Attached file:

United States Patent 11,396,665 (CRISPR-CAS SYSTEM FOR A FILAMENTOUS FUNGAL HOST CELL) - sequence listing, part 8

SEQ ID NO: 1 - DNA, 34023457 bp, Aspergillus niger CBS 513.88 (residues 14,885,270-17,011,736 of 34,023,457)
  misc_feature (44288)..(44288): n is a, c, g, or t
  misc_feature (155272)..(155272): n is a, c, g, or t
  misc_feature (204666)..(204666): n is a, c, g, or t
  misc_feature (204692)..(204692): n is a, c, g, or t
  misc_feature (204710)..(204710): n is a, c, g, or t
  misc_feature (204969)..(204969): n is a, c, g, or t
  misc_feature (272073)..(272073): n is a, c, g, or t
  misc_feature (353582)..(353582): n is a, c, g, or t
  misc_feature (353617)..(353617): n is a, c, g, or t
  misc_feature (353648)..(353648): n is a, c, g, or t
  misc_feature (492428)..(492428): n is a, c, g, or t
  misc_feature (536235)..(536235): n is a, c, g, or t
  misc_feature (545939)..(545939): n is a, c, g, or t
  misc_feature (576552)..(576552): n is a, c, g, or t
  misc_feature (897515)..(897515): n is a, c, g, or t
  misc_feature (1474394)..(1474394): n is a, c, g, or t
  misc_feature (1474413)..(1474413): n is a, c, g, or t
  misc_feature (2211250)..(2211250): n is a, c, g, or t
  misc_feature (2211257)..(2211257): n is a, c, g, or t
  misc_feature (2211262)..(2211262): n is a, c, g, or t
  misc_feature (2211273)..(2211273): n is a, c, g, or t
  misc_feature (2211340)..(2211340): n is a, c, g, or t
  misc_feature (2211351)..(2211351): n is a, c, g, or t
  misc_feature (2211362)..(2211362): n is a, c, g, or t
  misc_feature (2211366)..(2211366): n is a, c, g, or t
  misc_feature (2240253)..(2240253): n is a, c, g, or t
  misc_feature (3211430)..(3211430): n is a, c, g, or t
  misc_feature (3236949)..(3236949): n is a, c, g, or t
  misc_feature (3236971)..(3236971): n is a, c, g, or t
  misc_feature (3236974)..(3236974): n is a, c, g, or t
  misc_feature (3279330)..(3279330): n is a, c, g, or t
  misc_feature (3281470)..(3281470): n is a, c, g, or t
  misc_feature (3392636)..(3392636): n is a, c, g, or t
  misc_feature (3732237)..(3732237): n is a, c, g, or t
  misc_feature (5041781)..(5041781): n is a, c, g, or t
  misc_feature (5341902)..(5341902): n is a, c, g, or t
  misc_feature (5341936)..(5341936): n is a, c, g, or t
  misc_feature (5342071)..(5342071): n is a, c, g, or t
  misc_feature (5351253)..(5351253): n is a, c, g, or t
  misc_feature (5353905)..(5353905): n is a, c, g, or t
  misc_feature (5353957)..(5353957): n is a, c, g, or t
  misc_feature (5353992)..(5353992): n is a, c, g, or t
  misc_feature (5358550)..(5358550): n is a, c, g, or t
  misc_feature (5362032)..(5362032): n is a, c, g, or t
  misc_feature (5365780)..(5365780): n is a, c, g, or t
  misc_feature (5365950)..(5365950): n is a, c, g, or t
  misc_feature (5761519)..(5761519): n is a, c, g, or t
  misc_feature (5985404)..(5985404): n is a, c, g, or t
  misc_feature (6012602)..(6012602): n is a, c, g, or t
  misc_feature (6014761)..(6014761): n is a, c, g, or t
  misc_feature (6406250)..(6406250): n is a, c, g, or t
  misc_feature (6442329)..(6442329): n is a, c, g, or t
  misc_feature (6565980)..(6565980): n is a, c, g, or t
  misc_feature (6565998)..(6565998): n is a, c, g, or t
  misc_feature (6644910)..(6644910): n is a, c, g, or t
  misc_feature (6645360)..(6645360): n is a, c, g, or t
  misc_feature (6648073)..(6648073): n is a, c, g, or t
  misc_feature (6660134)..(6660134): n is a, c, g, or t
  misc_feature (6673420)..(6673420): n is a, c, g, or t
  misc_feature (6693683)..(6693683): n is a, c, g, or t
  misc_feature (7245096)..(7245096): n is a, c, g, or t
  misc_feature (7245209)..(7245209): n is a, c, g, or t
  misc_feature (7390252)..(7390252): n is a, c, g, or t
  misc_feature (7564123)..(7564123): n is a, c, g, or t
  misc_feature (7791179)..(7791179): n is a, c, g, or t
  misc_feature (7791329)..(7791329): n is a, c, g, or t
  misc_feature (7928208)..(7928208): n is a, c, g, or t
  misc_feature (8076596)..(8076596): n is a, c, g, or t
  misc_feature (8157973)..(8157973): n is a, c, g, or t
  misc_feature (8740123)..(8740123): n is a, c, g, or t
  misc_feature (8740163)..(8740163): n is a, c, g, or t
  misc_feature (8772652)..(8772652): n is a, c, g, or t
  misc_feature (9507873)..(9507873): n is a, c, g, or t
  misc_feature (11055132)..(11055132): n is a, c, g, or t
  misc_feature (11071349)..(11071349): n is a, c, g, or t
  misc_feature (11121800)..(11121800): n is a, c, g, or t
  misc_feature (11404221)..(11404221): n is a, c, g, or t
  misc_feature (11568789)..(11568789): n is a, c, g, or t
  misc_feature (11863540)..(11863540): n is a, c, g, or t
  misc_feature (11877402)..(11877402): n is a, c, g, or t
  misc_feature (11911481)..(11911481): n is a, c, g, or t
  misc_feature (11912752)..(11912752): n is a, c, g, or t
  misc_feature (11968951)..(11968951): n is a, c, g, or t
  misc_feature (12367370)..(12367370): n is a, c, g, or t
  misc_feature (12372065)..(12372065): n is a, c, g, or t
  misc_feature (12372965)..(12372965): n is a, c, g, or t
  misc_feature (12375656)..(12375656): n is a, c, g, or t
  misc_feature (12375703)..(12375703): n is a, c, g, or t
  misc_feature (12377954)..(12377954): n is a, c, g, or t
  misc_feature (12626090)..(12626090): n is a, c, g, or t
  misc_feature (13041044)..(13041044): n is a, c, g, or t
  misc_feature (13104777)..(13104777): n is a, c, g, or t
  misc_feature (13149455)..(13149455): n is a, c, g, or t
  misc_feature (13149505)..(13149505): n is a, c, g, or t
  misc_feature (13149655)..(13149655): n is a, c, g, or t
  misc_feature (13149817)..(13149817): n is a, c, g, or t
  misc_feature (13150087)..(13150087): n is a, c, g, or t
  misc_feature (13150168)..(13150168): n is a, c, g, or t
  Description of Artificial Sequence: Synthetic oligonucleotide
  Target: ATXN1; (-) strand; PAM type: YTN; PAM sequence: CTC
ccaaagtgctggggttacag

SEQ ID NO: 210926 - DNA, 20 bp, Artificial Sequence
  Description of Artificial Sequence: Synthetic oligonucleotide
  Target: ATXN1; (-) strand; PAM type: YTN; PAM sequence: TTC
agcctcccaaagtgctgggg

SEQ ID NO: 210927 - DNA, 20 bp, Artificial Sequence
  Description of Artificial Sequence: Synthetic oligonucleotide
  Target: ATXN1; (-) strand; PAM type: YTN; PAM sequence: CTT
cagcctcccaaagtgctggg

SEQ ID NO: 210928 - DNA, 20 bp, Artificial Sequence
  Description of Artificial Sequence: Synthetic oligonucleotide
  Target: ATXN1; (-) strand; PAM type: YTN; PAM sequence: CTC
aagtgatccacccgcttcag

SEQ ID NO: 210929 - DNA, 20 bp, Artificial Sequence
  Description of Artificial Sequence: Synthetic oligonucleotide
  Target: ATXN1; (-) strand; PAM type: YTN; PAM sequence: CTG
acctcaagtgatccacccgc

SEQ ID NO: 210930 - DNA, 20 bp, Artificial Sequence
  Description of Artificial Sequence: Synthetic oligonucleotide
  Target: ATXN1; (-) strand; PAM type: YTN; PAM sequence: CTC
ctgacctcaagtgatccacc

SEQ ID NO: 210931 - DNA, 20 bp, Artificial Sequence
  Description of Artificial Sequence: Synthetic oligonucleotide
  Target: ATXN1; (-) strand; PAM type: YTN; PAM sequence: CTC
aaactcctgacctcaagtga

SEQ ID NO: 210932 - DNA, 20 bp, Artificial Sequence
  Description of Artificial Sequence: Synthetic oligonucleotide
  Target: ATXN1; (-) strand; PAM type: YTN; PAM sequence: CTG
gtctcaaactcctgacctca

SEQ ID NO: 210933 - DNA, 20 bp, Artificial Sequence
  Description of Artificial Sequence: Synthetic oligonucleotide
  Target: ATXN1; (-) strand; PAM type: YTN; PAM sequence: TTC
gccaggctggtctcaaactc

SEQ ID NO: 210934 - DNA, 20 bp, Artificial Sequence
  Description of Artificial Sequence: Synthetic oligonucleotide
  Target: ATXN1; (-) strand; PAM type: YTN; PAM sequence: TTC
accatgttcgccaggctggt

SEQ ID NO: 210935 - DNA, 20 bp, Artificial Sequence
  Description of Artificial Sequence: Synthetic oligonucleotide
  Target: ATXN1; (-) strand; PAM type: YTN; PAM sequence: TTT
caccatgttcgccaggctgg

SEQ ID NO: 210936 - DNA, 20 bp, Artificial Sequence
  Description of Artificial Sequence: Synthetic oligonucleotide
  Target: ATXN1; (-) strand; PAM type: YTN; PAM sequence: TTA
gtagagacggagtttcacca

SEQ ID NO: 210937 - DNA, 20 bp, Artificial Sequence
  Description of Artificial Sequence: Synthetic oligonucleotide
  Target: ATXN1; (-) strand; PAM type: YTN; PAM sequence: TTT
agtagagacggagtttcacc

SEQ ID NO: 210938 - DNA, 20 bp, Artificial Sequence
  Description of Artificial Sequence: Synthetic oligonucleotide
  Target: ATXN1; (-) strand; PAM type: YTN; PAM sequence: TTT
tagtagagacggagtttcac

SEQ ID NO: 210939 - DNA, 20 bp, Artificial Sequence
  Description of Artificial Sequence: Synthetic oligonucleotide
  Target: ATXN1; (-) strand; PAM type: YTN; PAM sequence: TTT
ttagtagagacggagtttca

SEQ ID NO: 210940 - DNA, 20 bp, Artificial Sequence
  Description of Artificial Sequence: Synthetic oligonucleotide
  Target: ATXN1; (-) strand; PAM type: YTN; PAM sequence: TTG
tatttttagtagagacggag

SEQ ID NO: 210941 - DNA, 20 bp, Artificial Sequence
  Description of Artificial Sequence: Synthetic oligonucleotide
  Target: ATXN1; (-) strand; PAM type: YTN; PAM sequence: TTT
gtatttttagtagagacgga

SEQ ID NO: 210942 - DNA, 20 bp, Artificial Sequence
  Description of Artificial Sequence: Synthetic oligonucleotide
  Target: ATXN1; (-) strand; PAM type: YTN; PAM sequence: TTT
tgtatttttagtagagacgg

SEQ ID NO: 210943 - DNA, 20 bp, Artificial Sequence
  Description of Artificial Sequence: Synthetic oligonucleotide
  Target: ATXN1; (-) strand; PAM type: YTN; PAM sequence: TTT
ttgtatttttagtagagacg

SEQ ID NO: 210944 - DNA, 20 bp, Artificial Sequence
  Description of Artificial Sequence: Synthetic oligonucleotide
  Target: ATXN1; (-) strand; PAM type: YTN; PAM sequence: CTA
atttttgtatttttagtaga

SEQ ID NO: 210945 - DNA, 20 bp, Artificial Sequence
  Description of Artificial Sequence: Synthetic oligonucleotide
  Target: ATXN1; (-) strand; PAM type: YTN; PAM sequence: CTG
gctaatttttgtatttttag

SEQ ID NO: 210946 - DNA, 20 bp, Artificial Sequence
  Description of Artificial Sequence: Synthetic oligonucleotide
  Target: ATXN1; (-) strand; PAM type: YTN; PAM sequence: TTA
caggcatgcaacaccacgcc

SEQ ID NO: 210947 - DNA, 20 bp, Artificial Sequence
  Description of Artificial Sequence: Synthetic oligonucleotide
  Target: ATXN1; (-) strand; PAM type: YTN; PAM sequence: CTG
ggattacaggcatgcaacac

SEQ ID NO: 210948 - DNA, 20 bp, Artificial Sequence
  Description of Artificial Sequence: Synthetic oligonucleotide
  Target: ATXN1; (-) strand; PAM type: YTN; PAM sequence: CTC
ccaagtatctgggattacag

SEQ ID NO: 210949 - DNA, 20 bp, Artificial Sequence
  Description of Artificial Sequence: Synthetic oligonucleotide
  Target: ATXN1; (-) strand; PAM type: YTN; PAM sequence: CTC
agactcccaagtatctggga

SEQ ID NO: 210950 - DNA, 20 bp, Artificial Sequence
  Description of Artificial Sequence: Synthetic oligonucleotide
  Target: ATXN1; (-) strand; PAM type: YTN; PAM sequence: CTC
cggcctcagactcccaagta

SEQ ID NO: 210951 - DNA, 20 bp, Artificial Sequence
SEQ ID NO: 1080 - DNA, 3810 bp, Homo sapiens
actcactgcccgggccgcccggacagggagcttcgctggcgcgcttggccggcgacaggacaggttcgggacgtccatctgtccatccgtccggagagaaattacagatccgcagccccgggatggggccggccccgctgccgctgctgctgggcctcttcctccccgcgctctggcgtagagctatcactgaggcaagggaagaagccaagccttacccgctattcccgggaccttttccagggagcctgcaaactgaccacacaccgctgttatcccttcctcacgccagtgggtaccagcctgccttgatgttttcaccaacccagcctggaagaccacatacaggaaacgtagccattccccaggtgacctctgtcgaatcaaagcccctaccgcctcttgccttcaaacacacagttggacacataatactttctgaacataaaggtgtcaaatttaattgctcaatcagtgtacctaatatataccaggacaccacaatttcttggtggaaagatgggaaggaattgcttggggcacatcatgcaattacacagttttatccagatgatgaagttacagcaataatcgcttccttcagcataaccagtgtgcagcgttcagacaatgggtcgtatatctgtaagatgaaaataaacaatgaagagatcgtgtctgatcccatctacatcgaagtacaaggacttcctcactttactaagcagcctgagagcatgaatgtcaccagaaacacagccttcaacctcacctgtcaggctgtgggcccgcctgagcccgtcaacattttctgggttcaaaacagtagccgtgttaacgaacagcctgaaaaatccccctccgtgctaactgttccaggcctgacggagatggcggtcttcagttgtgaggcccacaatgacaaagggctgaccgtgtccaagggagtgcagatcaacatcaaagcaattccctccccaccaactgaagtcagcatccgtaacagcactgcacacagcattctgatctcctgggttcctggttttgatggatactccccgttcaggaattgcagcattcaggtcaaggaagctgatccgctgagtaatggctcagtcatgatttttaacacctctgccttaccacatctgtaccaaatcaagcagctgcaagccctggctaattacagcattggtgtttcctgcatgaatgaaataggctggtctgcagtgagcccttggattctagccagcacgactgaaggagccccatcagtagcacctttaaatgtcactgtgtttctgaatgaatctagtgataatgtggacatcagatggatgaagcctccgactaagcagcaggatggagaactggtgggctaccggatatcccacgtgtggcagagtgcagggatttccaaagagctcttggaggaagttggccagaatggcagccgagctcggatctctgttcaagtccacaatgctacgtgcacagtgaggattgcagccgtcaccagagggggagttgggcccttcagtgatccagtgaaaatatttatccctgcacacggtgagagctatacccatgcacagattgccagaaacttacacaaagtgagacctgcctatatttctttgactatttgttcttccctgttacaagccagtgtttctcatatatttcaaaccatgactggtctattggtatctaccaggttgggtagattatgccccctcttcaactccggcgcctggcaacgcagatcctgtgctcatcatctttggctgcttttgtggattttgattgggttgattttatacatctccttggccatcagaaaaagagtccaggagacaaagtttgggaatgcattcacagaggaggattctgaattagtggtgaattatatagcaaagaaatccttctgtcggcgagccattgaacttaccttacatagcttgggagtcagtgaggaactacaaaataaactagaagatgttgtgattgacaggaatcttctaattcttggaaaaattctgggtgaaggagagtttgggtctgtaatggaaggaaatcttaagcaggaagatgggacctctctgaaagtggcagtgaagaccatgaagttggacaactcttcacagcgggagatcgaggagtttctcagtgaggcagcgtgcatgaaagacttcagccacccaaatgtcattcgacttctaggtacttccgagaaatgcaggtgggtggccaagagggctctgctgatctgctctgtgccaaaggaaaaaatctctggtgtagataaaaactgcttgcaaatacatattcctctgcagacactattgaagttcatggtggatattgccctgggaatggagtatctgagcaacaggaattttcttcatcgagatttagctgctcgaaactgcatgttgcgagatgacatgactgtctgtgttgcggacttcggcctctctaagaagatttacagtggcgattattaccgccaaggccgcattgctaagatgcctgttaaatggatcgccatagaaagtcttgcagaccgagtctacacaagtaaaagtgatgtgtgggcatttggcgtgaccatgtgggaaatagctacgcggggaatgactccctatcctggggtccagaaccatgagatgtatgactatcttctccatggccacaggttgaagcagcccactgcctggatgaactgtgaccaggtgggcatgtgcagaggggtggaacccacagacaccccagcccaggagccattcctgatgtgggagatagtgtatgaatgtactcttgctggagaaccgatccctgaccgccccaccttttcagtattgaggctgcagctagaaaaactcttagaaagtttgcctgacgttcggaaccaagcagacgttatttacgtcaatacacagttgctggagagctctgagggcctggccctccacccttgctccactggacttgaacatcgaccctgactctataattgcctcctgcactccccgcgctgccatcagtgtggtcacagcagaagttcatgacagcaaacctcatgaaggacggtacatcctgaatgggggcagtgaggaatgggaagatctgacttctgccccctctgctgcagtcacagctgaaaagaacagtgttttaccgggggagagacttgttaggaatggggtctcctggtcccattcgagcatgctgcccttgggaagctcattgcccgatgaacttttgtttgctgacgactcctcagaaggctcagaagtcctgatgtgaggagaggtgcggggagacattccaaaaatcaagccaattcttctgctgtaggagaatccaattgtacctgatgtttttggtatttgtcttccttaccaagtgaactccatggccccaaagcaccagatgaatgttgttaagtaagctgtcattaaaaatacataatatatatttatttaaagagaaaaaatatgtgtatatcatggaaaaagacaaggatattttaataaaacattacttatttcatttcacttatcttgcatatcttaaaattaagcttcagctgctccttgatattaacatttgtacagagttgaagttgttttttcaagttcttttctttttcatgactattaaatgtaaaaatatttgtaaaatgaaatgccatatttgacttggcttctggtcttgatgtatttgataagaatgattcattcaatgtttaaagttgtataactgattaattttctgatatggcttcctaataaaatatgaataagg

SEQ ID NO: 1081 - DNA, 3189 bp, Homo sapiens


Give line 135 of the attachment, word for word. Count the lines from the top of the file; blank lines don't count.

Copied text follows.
gccaggctggtctcaaactc